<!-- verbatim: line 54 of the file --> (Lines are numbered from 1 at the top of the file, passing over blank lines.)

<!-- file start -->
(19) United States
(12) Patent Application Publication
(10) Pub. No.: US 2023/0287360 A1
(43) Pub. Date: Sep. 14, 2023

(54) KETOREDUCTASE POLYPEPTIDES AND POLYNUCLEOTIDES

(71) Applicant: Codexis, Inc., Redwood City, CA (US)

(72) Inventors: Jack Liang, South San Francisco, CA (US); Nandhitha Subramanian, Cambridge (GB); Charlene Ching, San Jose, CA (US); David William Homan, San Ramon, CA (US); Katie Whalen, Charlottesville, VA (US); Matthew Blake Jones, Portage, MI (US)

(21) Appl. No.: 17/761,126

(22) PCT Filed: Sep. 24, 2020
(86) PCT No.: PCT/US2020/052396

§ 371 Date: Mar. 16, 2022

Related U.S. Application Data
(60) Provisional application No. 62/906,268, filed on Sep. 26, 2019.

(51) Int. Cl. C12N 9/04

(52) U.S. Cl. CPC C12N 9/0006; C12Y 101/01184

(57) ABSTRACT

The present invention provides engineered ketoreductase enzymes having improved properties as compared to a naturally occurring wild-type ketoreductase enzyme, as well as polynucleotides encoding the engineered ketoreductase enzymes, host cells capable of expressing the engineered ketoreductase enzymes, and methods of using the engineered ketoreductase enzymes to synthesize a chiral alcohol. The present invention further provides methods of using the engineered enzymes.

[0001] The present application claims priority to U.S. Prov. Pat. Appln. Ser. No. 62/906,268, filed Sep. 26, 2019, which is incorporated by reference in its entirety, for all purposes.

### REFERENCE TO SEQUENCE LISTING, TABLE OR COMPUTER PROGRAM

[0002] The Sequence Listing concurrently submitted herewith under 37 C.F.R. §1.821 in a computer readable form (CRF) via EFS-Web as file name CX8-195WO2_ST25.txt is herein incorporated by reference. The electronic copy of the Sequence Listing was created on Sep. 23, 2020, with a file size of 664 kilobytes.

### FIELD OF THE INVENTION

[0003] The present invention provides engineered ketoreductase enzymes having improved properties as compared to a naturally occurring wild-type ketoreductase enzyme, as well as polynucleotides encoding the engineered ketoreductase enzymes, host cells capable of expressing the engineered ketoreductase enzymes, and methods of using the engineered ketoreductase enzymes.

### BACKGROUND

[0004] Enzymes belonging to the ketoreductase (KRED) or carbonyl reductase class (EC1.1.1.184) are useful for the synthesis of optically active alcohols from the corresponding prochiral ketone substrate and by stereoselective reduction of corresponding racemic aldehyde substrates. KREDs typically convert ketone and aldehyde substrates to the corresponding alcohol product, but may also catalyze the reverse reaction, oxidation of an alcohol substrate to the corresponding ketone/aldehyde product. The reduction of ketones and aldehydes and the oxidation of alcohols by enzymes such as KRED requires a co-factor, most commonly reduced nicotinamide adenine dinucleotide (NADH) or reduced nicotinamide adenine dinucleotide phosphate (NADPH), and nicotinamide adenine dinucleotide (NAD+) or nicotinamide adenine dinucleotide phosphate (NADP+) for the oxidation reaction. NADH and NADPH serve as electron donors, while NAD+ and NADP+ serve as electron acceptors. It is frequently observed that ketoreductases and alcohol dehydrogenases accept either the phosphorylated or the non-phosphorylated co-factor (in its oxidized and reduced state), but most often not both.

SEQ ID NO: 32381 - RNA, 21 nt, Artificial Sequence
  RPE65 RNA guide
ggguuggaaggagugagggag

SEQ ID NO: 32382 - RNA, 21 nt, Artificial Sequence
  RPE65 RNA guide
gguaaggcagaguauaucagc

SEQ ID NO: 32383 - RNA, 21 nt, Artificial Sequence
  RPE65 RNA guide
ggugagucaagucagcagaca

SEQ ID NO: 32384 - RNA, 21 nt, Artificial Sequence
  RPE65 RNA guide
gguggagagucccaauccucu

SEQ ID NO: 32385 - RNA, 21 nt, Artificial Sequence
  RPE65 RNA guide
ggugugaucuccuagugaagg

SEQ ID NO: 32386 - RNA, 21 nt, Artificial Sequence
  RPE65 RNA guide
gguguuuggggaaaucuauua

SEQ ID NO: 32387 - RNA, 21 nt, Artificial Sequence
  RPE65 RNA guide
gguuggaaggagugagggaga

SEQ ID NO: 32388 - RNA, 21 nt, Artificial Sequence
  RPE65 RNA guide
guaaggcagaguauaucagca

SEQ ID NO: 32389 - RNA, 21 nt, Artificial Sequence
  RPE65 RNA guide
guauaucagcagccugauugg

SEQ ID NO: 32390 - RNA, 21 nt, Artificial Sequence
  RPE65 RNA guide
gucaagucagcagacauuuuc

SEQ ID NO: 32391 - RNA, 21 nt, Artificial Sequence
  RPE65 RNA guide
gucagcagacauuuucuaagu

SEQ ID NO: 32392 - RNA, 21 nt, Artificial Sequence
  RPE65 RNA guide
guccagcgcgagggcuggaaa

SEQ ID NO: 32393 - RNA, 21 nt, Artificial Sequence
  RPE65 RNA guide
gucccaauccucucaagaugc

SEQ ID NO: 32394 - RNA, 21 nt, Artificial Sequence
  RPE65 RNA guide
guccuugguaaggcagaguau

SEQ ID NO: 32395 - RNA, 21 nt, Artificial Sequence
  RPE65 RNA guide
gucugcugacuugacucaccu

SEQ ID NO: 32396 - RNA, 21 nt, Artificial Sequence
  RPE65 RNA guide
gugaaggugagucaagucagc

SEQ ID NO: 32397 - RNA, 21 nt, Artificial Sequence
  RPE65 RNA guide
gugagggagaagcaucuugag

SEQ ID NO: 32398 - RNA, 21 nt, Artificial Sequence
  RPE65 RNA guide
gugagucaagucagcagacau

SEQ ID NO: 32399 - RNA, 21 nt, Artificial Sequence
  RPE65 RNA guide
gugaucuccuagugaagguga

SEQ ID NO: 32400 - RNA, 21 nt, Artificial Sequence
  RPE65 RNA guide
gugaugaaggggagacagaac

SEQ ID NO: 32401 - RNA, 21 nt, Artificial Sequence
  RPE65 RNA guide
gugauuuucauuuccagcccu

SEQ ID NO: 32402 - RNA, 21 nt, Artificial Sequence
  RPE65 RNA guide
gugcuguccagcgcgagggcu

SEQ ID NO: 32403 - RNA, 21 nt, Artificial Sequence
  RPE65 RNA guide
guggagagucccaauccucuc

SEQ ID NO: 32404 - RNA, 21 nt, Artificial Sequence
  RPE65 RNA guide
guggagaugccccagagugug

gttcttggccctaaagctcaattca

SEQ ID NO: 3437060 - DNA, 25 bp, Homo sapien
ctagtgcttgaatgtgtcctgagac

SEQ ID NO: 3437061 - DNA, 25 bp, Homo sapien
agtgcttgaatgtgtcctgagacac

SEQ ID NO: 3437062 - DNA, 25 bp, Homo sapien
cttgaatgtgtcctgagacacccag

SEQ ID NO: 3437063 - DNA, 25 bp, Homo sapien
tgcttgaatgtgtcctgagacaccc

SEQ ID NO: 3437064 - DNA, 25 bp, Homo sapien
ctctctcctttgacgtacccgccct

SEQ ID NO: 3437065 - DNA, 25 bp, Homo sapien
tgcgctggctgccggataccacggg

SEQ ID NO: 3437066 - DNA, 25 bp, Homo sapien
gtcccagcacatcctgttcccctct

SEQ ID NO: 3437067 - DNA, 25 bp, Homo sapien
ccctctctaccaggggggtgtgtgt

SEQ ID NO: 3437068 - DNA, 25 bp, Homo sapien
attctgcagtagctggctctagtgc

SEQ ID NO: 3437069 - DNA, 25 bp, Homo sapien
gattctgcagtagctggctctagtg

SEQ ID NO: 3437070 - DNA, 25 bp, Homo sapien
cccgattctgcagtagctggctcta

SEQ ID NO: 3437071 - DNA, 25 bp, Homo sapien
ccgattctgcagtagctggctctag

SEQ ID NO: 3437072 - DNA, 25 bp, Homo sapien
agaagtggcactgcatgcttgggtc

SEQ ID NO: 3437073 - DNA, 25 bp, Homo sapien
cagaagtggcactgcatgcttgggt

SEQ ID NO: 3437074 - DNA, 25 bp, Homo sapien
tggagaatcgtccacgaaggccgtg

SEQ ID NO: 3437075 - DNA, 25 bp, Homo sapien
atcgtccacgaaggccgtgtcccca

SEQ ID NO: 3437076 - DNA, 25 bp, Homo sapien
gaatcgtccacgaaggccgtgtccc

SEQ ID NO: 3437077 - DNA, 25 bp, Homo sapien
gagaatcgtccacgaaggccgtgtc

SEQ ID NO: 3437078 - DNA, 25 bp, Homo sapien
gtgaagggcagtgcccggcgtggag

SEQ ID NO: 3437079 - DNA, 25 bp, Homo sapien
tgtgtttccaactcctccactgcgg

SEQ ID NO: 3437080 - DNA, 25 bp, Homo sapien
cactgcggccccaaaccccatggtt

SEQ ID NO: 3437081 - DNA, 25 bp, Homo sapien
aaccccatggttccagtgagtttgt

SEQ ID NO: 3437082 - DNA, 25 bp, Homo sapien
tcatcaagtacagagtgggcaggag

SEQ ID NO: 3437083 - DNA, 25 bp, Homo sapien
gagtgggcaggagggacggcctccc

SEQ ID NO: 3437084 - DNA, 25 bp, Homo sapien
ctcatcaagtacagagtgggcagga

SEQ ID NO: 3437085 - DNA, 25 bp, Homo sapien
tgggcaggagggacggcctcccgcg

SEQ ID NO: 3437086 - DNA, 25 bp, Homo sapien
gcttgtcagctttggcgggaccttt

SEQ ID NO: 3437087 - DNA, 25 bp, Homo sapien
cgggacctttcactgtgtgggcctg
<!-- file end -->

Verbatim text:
gucaagucagcagacauuuuc